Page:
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The Bliss Mistress Guide: Trick or Treat

by Edie Weinstein


A year ago, the Philadelphia region where I live was walloped with a white out, weird and wily snow storm. What was particularly bizarre was that it occurred on Halloween weekend. Power was out; trees were bent and coated with ice. We were immobile for a few days, winds howled as if werewolves were let loose. This week, we are anticipating what is being heralded as a “Frankenstorm” (a.k.a. Hurricane Sandy). I have a dear friend named Sandy and I reminded her that she is indeed a force of nature and asked if she could request of her namesake that it dwindle down to a spritz. Like most people, I am taking the basic precautions to have non- perishable food, batteries, flashlights and candles, as well as bottled water. A plethora of books to read, naps to take and plenty of cleaning to do if we need to hunker down.

Two years ago, another storm was brewing, although I didn’t know it at the time. My beloved mom was on hospice and about to make her exit and that was the last time I saw her in physical form. I had trekked from Philly to Florida on Halloween weekend and had jokingly asked her if she wanted to go trick or treating and she declined. I then inquired if she would like to dress up; that one I meant; to greet the children who would be coming to see her. “Nah, I’ll scare the kids.” I responded “That’s the whole idea, Mom.” Instead, we opted for putting together bags of candy for the neighbor kids who had visited her throughout her illness. Plastic pumpkin designed bags were laid out on her lap and little by little, she filled them with sweet treats and then tied the top off. That simple activity tired her out, so she took a nap and in a few hours, the doorbell rang. In walked the sons of her neighbor Myrna, wearing Super Mario costumes and coming over to hug her. They looked adorable and what was so endearing was that they were more concerned about spending time with her than enjoying the candy she held out for them. Clearly she had created a bond with these surrogate grandkids. Her upstairs neighbor Dianne came down with her teen aged grandson Cody and my mom had a bag for him too. Amazing how she bonded with him as well. She always had that way about her that attracted children like the Pied Piper.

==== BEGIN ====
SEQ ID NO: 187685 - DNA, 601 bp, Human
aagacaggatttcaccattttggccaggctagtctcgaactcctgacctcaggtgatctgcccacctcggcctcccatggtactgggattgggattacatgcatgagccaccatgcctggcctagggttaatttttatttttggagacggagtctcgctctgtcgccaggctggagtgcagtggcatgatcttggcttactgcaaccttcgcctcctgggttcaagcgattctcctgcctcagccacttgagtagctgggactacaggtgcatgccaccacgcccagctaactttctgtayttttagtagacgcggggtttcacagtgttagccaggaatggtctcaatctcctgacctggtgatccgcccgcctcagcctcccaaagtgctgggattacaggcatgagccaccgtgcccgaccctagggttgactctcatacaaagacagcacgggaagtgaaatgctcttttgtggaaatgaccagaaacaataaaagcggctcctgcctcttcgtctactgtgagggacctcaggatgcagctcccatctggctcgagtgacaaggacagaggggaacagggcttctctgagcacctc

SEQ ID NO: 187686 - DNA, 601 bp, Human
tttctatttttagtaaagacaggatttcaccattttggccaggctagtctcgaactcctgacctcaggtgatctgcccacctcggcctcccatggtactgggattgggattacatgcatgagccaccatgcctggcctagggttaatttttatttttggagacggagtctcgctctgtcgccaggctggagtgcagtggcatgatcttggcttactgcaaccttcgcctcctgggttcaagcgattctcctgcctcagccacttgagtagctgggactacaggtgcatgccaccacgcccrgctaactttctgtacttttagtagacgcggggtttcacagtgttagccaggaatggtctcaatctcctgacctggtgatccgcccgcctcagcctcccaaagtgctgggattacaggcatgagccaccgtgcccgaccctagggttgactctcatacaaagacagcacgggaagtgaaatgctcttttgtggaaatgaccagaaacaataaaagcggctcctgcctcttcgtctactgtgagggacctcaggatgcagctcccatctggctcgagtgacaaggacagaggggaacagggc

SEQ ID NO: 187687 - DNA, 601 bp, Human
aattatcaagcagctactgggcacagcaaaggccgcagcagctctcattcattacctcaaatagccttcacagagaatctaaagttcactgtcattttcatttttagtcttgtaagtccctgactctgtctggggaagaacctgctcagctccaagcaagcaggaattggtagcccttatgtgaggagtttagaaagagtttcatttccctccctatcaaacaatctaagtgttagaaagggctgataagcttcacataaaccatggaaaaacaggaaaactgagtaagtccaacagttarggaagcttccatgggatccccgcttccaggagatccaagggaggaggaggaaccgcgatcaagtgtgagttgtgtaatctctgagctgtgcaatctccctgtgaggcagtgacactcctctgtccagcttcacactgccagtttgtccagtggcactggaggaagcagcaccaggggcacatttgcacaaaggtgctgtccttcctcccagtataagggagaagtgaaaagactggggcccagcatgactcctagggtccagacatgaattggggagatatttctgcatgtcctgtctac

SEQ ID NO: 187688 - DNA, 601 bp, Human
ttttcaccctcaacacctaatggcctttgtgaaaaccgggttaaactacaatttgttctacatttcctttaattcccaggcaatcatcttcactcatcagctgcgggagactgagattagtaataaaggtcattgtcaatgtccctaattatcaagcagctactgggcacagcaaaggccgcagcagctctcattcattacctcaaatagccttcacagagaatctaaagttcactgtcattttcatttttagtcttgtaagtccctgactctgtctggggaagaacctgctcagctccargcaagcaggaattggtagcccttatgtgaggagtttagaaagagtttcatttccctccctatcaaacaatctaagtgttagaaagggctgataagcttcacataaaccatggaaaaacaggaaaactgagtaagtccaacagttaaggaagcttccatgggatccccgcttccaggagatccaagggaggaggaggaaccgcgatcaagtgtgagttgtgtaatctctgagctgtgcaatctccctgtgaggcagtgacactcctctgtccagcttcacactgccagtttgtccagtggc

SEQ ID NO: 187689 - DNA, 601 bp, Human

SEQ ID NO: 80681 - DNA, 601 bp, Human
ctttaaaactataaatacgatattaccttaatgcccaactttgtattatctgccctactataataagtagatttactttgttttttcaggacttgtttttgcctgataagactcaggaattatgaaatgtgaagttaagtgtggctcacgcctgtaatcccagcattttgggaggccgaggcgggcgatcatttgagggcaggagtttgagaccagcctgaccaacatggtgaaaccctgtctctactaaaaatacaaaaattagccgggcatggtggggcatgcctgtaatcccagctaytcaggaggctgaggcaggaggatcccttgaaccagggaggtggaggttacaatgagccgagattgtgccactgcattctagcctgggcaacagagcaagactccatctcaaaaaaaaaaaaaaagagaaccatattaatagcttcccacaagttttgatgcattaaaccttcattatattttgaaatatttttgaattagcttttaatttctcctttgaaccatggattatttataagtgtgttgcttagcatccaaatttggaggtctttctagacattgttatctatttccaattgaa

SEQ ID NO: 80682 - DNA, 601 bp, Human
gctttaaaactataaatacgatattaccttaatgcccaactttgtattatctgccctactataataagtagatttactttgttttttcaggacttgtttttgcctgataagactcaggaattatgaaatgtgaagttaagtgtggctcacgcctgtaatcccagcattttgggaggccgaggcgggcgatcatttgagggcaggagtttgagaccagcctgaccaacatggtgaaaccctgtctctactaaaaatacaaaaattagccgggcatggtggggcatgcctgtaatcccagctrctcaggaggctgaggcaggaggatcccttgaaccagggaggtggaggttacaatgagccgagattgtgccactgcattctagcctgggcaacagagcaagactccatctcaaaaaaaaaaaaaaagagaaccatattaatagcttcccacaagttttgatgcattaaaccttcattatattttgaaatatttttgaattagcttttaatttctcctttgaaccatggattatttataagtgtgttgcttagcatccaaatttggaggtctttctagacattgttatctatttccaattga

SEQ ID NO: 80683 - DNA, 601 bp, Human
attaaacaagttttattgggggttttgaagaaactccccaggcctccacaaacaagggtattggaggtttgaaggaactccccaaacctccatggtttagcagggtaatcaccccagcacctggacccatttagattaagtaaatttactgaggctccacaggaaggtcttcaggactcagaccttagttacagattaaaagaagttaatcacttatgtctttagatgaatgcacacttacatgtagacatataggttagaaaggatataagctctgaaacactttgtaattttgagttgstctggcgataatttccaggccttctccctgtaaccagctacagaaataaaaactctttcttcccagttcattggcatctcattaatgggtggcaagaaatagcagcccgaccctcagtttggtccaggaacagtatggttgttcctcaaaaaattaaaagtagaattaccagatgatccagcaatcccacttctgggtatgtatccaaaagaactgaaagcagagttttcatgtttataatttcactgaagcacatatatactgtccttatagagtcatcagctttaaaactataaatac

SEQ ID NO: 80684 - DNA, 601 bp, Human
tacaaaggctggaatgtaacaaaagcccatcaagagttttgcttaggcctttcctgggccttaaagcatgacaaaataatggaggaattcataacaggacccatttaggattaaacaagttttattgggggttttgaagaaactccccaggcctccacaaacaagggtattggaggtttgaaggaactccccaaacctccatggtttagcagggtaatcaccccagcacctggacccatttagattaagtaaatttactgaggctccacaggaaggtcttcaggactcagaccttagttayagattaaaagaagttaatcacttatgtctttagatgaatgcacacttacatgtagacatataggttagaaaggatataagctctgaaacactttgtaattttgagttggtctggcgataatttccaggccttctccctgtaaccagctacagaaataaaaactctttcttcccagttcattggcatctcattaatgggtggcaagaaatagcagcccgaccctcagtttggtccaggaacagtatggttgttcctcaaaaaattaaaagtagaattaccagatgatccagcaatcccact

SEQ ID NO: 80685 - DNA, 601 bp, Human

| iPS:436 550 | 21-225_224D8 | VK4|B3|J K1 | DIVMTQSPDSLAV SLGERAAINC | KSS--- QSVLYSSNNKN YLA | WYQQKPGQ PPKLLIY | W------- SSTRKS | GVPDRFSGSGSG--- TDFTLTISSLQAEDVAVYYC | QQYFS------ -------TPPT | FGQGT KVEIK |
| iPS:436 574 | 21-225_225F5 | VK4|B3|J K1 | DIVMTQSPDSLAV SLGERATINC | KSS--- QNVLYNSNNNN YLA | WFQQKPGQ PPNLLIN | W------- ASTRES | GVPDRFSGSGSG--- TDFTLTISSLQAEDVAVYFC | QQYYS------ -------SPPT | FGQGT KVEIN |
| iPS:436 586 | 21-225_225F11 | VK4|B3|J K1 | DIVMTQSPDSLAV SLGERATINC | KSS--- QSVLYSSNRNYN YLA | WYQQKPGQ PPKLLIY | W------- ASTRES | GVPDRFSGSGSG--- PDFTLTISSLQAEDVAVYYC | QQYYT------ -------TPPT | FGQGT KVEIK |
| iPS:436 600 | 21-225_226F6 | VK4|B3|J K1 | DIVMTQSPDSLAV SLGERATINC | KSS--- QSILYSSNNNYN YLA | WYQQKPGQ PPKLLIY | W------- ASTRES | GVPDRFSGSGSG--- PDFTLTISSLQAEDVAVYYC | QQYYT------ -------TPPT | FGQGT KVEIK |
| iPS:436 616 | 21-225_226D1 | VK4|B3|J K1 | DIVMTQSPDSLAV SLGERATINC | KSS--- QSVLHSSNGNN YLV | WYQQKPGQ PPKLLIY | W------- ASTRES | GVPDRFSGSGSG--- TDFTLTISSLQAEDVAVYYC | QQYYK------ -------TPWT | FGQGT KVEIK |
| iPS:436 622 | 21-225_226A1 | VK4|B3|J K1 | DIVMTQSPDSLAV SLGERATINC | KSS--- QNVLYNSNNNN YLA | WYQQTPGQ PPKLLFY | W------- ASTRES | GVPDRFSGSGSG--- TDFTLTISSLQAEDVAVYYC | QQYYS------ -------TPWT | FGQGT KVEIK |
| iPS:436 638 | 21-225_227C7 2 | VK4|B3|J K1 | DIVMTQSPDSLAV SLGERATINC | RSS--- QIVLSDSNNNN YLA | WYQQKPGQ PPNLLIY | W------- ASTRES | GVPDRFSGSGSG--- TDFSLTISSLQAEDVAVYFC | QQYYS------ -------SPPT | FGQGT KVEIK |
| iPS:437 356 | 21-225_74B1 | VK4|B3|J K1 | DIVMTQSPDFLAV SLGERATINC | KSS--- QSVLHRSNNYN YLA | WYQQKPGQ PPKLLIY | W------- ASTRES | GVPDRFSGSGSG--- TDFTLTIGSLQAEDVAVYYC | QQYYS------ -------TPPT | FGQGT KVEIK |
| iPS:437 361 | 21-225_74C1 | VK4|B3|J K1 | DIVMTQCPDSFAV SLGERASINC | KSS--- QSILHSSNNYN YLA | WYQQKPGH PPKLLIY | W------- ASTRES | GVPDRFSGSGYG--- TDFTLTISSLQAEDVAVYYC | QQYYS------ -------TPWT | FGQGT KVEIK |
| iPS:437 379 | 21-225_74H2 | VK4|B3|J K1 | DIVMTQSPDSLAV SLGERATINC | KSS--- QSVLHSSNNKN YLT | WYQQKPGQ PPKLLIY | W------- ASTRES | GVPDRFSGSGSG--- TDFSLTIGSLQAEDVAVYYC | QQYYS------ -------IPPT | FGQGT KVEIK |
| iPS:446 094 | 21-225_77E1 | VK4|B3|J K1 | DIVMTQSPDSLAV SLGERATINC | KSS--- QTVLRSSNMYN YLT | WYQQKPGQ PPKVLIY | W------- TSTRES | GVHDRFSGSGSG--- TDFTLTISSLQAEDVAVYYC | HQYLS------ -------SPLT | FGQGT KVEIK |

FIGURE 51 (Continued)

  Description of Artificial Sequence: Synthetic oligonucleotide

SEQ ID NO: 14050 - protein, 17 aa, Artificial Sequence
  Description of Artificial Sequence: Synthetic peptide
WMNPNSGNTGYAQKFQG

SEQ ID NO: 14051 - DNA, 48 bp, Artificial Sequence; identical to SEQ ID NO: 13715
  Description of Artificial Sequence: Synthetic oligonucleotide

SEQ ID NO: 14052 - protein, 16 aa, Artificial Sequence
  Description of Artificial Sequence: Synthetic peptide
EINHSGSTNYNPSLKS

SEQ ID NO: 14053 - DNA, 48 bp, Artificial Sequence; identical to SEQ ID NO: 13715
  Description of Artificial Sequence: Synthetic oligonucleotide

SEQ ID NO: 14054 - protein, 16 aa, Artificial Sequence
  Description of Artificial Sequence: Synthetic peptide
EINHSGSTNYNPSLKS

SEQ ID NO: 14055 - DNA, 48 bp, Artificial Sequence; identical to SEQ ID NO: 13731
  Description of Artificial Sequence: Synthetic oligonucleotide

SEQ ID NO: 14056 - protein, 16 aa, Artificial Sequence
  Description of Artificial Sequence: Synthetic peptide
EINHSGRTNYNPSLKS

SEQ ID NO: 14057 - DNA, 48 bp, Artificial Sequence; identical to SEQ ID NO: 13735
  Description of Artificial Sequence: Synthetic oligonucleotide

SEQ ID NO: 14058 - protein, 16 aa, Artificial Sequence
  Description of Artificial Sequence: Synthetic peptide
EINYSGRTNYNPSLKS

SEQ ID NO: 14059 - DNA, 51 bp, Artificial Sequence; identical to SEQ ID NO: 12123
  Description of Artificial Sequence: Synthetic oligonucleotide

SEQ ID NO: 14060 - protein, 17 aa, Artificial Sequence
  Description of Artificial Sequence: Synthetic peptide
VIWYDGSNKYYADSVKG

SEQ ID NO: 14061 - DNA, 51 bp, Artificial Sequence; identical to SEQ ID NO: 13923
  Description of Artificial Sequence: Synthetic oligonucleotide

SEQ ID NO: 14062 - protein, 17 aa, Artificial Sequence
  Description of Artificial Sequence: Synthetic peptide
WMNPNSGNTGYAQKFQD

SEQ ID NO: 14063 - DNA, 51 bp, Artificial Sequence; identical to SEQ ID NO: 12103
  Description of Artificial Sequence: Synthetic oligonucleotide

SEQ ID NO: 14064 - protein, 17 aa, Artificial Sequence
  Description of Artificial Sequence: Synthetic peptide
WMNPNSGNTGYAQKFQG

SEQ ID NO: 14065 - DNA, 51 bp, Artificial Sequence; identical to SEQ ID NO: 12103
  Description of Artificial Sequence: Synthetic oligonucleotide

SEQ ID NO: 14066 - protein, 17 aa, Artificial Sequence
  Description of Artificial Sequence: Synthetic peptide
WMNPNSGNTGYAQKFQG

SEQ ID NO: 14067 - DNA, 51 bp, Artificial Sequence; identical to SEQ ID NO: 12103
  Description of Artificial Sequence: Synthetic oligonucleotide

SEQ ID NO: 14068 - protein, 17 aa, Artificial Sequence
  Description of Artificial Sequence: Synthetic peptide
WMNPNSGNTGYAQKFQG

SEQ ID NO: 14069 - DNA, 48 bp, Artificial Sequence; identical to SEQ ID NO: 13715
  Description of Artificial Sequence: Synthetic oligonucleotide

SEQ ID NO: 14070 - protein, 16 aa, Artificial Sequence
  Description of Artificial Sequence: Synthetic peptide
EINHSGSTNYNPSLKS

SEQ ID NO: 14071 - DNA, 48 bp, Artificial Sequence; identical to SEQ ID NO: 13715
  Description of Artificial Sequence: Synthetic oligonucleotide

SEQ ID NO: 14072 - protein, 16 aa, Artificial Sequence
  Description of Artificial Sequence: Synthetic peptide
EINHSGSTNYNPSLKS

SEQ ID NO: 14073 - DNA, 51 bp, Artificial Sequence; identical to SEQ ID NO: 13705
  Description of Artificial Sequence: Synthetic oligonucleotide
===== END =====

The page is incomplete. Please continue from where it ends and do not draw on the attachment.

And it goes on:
A month later, I had asked her if she would like me to head on down for Thanksgiving. She told me it wasn’t necessary and she “would be fine”. I reminded her that it was likely that I “won’t see you until the end,” not realizing how soon that would be. She reiterated that she was ok with that. Less than a week later, she joined my dad who had passed in 2008. When most people (including my sister who works in retail) refer to the day after Thanksgiving as ‘Black Friday’, it will always hold the connotation for me as the day my mom ‘left the building’. Even as I am typing these words, it feels surrealistic and I experience no emotion. Attempting to conjure it up does no good either. I have learned to flow with whatever arises. Such a surprise that I would be handling this as calmly as I have been, since years earlier, I had dreaded her death more than anyone’s owing to the fact that we have always been so close. I smile with remembrance of Halloweens in my childhood. Many years she sewed or cobbled together costumes, other times they came from the store. Mary Poppins, granny gown and cap, a gypsy fortune teller, a hippie, a clown, a pumpkin…all flash before me as choices of get up over the years. After dinner, we would get all dolled up and when we were younger; my parents (sometimes one, sometimes both) would traverse the neighborhood with us, flashlights in hand. After an hour or so, we would head back home and dump the treasures on the living room floor. The rule was that my parents would need to go through everything for safety sake; to be sure that all was well with the goodies and that no one had slipped a razor or something else unsavory into the treats. We were then permitted a few pieces, saving the rest to be relished over the course of the next few weeks. In the Weinstein household, with genetic chocoholism, that was more intention than actuality.

This year, I am willing to experience treats without tricks as I remember the woman who was still a kid at heart herself, which was one of the things I so loved about her. I ask that she stop by from beyond the veil to knock on the door of my heart and even if she is in costume, I will always recognize her.

Edie Weinstein (Bliss Mistress) is an opti-mystic who sees life through the eyes of possibility. She is a colorfully creative journalist, an inspiring motivational speaker, social worker, interfaith minister, BLISS Coach and the author of The Bliss Mistress Guide To Transforming the Ordinary Into the Extraordinary. www.liveinjoy.org


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